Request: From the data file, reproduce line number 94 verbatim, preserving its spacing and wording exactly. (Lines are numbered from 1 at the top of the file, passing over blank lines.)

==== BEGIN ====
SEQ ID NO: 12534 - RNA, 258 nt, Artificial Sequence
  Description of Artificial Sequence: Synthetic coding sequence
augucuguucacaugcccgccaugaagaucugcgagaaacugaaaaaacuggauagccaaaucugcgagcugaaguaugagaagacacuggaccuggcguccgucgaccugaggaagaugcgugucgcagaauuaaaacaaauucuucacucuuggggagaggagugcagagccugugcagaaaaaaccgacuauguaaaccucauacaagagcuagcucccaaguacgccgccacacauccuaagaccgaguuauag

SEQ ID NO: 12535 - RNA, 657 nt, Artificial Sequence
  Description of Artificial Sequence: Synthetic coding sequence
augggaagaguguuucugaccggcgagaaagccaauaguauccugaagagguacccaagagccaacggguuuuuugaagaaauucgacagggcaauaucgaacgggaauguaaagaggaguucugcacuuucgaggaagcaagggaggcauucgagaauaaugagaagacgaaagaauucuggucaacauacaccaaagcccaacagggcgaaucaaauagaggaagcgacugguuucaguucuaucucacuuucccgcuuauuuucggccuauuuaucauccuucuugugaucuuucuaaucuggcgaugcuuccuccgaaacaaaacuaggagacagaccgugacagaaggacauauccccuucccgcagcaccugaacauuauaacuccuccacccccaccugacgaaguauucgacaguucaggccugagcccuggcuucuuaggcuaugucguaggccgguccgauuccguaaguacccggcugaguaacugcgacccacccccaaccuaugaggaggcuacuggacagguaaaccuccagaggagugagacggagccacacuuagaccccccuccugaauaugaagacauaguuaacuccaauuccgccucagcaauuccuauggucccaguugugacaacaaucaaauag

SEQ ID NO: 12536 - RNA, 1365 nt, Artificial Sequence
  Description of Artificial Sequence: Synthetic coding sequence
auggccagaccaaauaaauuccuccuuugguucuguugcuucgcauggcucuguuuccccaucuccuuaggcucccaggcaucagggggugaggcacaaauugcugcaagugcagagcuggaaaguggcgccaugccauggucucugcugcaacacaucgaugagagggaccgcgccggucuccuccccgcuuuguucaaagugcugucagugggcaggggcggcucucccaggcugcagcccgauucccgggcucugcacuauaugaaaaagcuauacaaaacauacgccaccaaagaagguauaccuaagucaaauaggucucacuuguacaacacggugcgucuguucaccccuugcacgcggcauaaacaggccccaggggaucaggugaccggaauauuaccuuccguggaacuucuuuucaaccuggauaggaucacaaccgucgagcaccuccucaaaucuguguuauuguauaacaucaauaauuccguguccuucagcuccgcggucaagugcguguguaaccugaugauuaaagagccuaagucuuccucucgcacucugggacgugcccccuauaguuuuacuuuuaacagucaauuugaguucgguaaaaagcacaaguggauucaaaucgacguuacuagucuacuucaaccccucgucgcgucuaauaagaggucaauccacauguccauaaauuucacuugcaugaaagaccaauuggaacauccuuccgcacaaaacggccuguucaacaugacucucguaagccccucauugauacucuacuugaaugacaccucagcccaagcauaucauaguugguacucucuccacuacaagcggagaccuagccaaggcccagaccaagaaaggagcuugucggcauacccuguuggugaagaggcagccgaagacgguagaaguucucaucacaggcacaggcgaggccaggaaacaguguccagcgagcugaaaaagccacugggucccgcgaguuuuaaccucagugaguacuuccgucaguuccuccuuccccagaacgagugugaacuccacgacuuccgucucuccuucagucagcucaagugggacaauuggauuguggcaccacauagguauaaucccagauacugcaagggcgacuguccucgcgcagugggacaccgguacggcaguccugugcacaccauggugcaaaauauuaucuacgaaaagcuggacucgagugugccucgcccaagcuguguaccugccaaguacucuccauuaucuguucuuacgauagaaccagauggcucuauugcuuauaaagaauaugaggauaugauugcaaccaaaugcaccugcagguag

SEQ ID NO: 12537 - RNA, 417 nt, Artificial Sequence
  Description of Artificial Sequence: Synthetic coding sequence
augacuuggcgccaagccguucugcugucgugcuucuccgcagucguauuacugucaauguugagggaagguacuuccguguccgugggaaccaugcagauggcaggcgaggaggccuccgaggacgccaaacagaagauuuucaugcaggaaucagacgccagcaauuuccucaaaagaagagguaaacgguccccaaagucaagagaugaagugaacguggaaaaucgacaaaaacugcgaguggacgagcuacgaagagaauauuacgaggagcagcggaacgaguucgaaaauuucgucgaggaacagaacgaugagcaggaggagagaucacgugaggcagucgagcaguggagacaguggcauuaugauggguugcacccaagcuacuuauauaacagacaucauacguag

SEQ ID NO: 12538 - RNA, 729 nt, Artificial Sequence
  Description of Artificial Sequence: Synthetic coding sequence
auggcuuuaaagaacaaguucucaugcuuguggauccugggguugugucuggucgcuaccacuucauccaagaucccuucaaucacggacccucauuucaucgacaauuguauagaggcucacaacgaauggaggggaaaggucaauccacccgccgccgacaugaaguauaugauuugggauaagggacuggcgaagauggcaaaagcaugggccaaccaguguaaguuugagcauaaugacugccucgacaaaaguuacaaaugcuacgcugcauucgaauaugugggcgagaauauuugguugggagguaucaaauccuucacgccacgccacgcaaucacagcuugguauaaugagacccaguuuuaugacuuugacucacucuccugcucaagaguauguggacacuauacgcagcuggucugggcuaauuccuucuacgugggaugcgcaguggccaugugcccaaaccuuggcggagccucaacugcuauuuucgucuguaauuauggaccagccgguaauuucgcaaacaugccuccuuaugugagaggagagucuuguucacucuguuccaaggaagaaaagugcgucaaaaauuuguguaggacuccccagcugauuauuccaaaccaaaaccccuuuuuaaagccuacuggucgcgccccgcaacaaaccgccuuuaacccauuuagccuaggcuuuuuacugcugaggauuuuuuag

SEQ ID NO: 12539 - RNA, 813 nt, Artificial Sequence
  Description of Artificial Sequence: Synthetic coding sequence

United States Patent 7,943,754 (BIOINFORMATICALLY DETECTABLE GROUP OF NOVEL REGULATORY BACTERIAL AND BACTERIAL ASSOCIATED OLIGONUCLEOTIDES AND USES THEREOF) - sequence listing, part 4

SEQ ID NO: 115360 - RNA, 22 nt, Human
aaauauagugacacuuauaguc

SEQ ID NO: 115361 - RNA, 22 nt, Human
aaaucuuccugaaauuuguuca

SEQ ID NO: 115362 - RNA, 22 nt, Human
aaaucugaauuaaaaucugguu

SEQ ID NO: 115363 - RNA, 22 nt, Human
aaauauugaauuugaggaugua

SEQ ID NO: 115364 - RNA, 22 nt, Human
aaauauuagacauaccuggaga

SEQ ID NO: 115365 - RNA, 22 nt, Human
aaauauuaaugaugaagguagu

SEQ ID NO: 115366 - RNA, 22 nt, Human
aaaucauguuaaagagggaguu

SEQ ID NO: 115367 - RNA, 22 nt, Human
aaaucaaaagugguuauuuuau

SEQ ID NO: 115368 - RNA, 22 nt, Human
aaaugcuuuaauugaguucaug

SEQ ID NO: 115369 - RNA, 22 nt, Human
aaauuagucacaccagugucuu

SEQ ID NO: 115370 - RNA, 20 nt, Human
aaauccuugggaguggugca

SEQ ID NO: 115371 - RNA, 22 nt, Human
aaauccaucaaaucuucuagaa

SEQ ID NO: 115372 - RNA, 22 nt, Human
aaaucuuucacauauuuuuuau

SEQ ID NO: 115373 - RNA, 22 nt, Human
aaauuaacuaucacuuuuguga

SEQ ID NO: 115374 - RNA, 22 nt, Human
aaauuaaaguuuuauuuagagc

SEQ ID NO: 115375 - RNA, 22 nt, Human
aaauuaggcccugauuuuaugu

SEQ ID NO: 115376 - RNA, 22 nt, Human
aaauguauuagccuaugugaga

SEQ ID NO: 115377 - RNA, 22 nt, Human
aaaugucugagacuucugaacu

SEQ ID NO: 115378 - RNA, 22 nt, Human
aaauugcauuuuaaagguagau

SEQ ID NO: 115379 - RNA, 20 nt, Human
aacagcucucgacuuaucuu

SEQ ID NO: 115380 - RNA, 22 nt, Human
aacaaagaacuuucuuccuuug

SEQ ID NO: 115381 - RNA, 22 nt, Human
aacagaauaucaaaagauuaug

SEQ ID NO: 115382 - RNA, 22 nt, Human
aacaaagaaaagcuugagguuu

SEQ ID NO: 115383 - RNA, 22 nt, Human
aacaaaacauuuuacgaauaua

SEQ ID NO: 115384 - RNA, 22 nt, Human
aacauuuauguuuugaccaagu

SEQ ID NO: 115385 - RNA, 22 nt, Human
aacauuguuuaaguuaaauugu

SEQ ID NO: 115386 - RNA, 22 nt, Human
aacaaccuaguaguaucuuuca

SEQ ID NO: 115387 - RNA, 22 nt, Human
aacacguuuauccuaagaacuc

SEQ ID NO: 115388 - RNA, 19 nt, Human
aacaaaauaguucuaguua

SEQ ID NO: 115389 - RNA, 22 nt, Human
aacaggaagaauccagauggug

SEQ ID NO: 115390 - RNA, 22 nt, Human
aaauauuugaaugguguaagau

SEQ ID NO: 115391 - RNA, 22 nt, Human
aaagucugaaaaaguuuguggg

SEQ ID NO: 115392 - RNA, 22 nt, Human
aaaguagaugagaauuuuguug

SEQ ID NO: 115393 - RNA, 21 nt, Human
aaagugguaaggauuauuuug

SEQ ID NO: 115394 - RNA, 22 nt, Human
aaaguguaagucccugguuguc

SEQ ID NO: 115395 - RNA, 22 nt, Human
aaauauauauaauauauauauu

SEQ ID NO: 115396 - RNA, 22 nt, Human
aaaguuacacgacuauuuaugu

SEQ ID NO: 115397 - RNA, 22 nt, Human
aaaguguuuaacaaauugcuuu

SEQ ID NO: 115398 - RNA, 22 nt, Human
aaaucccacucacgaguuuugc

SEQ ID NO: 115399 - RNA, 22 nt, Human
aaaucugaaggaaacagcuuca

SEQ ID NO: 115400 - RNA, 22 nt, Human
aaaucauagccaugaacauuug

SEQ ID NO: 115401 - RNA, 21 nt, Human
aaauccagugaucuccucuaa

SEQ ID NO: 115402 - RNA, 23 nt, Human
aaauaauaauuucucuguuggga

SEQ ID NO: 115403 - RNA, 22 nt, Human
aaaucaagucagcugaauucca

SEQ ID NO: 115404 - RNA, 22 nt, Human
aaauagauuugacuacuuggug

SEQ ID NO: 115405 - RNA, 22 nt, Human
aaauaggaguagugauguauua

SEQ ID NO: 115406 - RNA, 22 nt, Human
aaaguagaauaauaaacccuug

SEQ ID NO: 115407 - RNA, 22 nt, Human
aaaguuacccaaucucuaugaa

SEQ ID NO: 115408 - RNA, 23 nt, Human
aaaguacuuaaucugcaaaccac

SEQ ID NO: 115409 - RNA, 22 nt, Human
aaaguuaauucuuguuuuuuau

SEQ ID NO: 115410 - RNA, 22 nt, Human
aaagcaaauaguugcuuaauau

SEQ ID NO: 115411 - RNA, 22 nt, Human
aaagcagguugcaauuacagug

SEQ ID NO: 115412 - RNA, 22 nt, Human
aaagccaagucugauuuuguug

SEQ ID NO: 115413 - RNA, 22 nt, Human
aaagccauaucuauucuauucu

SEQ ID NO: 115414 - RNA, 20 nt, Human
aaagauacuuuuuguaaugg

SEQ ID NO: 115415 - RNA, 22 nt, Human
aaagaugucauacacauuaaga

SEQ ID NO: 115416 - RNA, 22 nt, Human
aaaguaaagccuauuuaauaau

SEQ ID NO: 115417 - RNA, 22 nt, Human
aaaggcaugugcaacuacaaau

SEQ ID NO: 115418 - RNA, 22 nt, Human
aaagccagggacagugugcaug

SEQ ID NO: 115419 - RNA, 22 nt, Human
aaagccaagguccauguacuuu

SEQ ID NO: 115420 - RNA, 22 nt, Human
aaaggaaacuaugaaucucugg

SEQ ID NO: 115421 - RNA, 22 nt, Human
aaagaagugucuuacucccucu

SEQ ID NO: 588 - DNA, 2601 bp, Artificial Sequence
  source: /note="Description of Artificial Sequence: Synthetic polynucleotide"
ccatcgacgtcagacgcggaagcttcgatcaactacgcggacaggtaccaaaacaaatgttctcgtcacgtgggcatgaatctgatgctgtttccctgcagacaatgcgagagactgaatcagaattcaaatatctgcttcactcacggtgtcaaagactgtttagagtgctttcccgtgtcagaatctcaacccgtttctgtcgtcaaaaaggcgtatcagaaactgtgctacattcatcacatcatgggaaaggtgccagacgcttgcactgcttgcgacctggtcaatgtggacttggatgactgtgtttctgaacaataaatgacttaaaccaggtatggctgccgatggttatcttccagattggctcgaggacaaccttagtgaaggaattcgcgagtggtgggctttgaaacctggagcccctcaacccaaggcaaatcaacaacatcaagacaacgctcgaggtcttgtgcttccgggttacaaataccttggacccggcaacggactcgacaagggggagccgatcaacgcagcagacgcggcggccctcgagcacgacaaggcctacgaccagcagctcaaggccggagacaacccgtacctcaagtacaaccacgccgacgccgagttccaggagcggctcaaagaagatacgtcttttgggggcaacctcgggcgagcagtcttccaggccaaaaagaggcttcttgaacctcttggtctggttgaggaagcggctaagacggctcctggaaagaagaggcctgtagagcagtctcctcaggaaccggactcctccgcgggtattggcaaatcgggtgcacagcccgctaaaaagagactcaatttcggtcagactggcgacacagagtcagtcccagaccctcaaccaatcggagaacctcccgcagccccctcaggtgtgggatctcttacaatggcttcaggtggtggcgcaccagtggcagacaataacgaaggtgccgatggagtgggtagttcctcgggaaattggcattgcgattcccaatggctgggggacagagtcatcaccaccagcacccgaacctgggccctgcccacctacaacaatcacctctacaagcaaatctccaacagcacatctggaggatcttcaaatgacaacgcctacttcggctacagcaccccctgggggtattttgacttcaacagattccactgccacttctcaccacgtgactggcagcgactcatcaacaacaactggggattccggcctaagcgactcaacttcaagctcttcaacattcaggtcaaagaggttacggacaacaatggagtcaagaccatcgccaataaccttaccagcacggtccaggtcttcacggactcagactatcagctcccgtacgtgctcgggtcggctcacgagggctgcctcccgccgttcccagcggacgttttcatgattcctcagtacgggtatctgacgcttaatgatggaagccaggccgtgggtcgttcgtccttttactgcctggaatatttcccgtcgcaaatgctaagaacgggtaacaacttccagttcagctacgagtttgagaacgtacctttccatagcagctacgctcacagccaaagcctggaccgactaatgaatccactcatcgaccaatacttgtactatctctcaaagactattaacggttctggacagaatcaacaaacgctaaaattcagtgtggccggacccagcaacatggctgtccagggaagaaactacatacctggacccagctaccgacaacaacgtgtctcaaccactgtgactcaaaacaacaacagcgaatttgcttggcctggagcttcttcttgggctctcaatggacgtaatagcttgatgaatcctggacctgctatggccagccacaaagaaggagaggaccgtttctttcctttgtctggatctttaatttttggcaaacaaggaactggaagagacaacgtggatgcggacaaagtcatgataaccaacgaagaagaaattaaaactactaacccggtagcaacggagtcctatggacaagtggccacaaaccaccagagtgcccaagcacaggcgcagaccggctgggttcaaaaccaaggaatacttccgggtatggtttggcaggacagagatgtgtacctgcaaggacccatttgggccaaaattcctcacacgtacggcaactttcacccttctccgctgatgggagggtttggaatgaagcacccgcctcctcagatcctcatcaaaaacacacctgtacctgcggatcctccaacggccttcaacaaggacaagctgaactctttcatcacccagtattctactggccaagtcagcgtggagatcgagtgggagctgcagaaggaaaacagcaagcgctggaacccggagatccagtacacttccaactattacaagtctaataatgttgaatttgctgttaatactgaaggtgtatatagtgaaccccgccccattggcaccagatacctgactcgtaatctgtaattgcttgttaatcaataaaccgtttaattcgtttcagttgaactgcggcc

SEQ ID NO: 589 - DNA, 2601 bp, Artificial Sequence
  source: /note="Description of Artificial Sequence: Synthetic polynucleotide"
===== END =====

aaaguguuuaacaaauugcuuu